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If the Blue Jays want their 2013 season to go as they have planned, they’re going to need five solid starting pitchers in their rotation. Today, they have stated that Ricky Romero is going to be filling their number 5 slot when the season opens.

This is a BIG mistake, not only for the team, but for the future of Romero’s career.

Back in 1998, one of the greatest Blue Jays pitchers of all-time was taking the mound for the first time. In his second career start, Roy Halladay nearly pitched a no-hitter, broken up by a solo home run with two outs in the 9th inning. Calling this a tragedy would be an understatement for a rookie pitcher so early on in his career. Halladay’s first couple of seasons went alright and, similarly to Ricky Romero, he was thought of as the Blue Jays future Ace.

That was until Halladay’s year 2000 season. He was terrible. He pitched to the worst ERA in MLB history for any pitcher with at least 50 innings pitched. His career looked to be over before it had even begun.

Romero is looking to be on a similar path. His first couple of seasons were promising, though injuries forced them to be somewhat incomplete. In 2009, Romero could have easily been named Rookie of the Year after a very good season, and then went on to have decent 2010 and 2011 seasons afterwards.

This is where the similarities stop between Halladay’s and Romero’s careers. In my opinion, the Blue Jays organization made a fantastic decision regarding Halladay’s career, and are making a terrible decision with Romero’s.

Roy Halladay was sent down to the minor’s at the beginning of the 2001 season. This move would normally be considered shattering to a pitcher’s confidence, but I view it as a kick in the ass to get to work. Halladay knew his stuff wasn’t good enough to continue in the major’s and his work ethic, along with some great coaching led him to develop new pitches and perfect the ones that had caused him previous troubles.

Ricky Romero, though, has yet to be optioned to the minor’s, despite his constant struggles. Many believe that sending him down would be the same as calling his career in the major’s finished, but I believe it’s exactly what he needs right now.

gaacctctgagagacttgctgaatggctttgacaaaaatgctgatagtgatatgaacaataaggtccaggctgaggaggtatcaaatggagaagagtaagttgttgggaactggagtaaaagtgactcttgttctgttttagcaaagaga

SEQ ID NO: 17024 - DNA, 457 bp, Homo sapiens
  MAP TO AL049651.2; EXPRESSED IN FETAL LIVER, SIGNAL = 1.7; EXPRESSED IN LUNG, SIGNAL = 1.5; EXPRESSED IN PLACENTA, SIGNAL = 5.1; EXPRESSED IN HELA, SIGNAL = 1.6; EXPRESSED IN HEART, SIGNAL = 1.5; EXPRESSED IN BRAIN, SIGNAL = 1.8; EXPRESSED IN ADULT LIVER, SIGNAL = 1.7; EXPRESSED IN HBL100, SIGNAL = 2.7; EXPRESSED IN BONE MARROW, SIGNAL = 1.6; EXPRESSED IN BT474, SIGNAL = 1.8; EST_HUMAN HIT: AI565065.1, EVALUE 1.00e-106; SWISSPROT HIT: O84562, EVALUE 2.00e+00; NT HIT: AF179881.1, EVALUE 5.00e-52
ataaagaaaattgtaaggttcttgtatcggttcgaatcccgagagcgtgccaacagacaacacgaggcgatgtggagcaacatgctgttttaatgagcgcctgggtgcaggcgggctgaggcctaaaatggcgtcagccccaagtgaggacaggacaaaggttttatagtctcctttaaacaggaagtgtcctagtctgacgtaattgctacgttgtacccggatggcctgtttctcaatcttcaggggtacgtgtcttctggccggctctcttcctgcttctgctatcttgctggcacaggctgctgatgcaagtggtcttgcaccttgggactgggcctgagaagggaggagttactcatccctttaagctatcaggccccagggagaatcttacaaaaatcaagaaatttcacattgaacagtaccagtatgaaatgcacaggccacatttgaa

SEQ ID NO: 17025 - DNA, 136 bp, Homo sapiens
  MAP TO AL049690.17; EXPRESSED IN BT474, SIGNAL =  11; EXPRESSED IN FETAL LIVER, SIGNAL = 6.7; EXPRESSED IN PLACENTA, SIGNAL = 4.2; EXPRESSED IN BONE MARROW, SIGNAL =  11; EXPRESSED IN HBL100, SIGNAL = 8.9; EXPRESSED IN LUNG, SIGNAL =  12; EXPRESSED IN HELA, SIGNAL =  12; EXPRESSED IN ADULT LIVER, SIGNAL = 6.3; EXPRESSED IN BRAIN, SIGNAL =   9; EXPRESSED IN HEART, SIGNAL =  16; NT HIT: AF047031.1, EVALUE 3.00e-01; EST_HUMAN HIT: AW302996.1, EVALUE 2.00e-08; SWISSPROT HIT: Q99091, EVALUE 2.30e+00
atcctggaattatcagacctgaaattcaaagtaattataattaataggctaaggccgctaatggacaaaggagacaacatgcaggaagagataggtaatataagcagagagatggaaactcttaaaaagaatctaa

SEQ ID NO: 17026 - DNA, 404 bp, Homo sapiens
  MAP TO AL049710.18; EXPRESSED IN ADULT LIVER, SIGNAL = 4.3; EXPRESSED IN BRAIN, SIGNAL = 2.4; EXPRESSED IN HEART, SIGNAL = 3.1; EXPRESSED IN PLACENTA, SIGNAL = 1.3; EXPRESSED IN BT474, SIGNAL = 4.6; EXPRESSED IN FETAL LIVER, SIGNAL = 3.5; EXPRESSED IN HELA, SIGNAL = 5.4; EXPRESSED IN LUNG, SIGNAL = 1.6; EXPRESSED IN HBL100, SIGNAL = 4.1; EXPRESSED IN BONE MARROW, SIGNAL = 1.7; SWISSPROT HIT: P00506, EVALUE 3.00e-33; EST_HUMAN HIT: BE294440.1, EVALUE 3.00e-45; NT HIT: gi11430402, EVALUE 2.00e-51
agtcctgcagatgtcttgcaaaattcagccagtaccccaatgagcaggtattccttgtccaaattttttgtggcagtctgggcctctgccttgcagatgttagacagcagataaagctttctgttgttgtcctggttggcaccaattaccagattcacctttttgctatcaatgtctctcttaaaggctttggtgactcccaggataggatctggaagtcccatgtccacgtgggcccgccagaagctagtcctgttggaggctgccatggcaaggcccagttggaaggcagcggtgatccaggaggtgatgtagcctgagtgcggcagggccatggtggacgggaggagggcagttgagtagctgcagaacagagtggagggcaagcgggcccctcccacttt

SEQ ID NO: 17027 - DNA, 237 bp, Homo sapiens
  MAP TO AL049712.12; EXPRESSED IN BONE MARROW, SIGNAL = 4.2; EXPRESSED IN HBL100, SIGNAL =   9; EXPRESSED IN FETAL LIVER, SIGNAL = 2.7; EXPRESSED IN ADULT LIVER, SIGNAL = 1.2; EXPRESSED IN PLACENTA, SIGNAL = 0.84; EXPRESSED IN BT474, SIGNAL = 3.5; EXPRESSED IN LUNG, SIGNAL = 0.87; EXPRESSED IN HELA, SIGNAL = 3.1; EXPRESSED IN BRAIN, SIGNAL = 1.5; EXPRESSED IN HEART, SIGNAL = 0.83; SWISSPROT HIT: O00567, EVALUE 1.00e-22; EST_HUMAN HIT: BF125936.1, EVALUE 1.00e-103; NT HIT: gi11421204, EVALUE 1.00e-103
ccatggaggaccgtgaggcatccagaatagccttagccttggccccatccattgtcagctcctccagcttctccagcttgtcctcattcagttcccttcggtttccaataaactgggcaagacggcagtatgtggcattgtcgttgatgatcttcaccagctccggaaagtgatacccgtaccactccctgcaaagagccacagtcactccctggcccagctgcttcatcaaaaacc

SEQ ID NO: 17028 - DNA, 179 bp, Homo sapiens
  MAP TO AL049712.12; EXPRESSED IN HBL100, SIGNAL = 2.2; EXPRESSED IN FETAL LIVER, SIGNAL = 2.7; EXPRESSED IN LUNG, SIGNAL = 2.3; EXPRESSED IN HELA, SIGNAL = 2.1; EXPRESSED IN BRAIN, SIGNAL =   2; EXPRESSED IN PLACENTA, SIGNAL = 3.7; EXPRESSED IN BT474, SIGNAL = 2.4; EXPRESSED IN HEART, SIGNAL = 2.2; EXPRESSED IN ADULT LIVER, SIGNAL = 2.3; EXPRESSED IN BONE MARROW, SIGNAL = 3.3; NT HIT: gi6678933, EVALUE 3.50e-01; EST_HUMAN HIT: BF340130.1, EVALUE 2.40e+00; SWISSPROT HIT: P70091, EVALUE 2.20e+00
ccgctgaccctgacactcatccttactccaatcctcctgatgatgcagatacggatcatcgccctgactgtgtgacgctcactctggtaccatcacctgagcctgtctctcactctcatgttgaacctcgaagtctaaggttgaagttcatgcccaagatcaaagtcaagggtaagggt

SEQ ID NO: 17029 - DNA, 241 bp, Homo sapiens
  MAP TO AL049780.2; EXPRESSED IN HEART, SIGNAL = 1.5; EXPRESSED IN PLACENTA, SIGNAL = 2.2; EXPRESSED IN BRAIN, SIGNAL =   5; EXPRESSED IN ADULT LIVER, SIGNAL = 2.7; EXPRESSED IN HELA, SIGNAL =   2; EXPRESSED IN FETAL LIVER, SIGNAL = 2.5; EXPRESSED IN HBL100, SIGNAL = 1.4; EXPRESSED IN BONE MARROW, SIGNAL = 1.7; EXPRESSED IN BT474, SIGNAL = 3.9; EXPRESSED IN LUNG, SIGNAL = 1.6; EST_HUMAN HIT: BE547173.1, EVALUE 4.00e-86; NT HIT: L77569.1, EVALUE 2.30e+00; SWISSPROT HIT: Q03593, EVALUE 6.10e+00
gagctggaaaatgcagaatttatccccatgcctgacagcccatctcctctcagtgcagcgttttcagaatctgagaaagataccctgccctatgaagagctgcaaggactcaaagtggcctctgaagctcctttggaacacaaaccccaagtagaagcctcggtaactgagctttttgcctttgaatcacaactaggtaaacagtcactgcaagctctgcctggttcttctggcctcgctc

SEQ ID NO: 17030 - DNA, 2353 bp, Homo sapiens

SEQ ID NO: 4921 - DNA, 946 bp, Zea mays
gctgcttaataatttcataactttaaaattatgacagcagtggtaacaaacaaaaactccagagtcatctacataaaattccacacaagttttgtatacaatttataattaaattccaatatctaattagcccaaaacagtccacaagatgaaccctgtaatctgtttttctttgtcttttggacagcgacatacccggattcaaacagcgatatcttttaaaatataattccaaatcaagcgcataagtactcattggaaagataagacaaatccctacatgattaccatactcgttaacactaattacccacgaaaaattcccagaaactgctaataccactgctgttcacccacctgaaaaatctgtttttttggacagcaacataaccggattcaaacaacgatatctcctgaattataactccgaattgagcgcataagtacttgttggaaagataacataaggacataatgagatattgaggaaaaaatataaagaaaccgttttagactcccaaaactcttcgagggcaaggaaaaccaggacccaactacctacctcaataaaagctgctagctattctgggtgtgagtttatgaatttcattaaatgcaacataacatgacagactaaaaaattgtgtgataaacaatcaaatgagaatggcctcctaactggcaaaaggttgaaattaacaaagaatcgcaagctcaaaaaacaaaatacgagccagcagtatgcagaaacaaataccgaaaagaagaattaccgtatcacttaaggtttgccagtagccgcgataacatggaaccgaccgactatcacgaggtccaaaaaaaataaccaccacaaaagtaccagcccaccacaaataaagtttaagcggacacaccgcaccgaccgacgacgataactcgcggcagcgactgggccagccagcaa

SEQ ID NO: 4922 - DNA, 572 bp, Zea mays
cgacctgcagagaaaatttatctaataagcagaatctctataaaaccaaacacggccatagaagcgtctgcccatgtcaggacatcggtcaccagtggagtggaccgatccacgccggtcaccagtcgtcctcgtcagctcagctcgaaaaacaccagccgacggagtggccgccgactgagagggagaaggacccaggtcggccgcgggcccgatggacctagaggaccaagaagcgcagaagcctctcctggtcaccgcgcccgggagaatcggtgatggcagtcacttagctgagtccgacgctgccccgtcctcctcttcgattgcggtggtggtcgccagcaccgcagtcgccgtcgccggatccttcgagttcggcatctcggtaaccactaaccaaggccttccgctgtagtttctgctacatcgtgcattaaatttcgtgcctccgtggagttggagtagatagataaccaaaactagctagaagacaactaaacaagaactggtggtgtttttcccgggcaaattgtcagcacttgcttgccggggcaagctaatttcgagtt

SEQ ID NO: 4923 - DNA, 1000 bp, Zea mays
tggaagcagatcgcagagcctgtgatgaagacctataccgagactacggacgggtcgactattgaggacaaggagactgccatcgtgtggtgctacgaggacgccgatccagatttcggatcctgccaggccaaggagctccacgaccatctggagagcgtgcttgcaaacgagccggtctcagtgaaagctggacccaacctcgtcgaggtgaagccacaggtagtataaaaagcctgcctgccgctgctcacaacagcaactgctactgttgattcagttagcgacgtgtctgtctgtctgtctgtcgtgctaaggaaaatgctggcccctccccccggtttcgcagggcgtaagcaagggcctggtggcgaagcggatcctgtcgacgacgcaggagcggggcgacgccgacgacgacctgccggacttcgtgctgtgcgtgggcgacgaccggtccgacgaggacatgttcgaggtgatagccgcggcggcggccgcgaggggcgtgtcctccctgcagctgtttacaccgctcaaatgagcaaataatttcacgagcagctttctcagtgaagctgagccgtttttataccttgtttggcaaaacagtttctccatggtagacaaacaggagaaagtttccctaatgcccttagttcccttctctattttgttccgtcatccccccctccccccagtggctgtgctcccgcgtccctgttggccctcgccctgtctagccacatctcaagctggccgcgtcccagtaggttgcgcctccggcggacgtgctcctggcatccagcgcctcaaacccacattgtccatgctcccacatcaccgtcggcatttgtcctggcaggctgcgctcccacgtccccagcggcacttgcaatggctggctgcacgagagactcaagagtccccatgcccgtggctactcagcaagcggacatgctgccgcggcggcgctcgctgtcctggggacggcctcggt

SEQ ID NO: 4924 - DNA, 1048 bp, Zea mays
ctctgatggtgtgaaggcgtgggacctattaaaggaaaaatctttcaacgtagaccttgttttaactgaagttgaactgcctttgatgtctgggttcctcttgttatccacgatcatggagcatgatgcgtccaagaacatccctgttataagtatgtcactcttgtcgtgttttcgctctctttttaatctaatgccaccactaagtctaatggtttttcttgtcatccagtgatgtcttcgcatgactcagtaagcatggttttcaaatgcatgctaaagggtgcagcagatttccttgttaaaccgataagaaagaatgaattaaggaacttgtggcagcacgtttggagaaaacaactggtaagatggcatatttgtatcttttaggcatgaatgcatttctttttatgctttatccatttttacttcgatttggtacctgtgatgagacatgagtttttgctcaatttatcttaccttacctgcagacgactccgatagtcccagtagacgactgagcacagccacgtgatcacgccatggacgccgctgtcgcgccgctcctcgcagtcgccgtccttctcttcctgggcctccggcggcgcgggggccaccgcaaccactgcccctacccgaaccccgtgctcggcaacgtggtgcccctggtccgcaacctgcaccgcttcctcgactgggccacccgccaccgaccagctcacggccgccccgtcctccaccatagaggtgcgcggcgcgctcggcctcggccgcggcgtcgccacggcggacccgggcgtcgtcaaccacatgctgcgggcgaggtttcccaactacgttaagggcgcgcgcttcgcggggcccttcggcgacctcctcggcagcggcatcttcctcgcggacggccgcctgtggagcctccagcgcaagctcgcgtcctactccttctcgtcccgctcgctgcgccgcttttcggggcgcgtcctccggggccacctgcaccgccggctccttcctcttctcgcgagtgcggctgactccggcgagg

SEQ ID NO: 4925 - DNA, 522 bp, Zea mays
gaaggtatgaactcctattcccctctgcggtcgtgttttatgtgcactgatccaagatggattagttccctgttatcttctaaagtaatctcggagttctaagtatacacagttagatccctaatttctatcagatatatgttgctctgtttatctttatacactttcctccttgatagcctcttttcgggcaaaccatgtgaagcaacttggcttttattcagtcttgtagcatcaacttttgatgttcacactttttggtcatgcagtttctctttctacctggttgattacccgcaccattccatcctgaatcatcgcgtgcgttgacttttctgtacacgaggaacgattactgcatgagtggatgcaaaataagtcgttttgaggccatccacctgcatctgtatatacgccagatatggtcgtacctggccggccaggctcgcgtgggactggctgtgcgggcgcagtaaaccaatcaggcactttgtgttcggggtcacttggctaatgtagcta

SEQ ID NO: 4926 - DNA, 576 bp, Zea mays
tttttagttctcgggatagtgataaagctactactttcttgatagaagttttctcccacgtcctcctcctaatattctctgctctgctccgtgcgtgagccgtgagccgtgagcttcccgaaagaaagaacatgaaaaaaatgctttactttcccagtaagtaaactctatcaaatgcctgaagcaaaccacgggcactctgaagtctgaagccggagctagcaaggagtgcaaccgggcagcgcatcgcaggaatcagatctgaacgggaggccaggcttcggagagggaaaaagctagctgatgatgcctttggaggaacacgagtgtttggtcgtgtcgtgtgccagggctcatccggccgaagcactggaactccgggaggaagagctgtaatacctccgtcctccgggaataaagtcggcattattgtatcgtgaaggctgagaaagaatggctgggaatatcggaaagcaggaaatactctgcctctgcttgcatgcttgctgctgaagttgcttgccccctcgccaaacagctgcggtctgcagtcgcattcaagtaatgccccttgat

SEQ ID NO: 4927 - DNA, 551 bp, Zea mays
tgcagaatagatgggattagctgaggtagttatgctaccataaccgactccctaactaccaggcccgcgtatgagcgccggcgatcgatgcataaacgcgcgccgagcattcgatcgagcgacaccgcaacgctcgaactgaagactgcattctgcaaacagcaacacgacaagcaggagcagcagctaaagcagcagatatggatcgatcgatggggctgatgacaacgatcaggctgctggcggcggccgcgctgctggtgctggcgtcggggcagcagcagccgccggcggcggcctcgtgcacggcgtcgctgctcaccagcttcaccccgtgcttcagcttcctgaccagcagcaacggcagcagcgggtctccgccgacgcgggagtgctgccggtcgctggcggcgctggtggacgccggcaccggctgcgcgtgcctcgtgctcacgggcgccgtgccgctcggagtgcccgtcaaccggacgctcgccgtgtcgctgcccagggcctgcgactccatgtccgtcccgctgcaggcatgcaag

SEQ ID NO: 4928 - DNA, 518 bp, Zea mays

Last season, Romero was forced to carry the load for an injury-plagued Blue Jays pitching squad. The responsibility proved too much for the young pitcher and he struggled with almost every start. I chalked last season’s losses up to Romero choking under the pressure of being number one, but now, I’m not so sure.

This past off-season, the Blue Jays made more deals than I think they’ve ever made in any previous off-season – – at least more meaningful deals than ever before. Their biggest improvements were made in the starting pitcher role. Adding Dickey, Buerle and Johnson were incredible deals by Blue Jays standards. These deals left the final two spots in the rotation up for grabs, one promised to Morrow (for good reason), the other to Romero (for no good reason).

Romero has gone from opening day starter to 5th man in the rotation in a very short period of time. Though deserved, I’m sure Romero’s confidence has taken a stiff hit, as displayed by his poor spring training outings. Are we really left to believe that sending him to the minor’s would shake his confidence even more? I don’t believe that would be the case at ALL.

In the minor’s, Romero could work on his pitches and gain back the confidence he has lost. Being 5th man in the rotation does not change the caliber of batters he is going to face in every start he makes this season, nor will it change the importance of each of those games to the Blue Jays season. There is no good reason to believe that being relegated to the 5th slot in the rotation should help Ricky Romero.

The Blue Jays need to look at their past, as well as their future. Their strategy with Roy Halladay helped groom him into a future Hall of Famer, but their moves with Ricky Romero could shatter whatever confidence he has left and subsequently end his professional career. The similarities between Halladay and Romero are remarkable, but the differences in their organization’s decisions with them could prove to be the dagger in a potentially great career for Ricky Romero.


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